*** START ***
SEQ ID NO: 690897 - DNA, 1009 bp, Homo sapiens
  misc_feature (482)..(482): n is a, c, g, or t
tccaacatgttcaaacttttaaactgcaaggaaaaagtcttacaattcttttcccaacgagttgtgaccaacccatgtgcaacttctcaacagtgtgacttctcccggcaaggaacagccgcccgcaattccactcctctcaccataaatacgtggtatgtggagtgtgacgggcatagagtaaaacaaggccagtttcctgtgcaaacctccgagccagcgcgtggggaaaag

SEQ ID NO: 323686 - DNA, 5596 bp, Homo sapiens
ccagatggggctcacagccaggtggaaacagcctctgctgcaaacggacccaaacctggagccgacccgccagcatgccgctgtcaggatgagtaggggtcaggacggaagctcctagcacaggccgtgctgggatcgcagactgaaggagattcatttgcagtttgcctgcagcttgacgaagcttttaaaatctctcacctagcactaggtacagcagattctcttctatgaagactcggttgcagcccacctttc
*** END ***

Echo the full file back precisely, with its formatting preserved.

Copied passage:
SEQ ID NO: 690897 - DNA, 1009 bp, Homo sapiens
  misc_feature (482)..(482): n is a, c, g, or t
tccaacatgttcaaacttttaaactgcaaggaaaaagtcttacaattcttttcccaacgagttgtgaccaacccatgtgcaacttctcaacagtgtgacttctcccggcaaggaacagccgcccgcaattccactcctctcaccataaatacgtggtatgtggagtgtgacgggcatagagtaaaacaaggccagtttcctgtgcaaacctccgagccagcgcgtggggaaaag

SEQ ID NO: 323686 - DNA, 5596 bp, Homo sapiens
ccagatggggctcacagccaggtggaaacagcctctgctgcaaacggacccaaacctggagccgacccgccagcatgccgctgtcaggatgagtaggggtcaggacggaagctcctagcacaggccgtgctgggatcgcagactgaaggagattcatttgcagtttgcctgcagcttgacgaagcttttaaaatctctcacctagcactaggtacagcagattctcttctatgaagactcggttgcagcccacctttc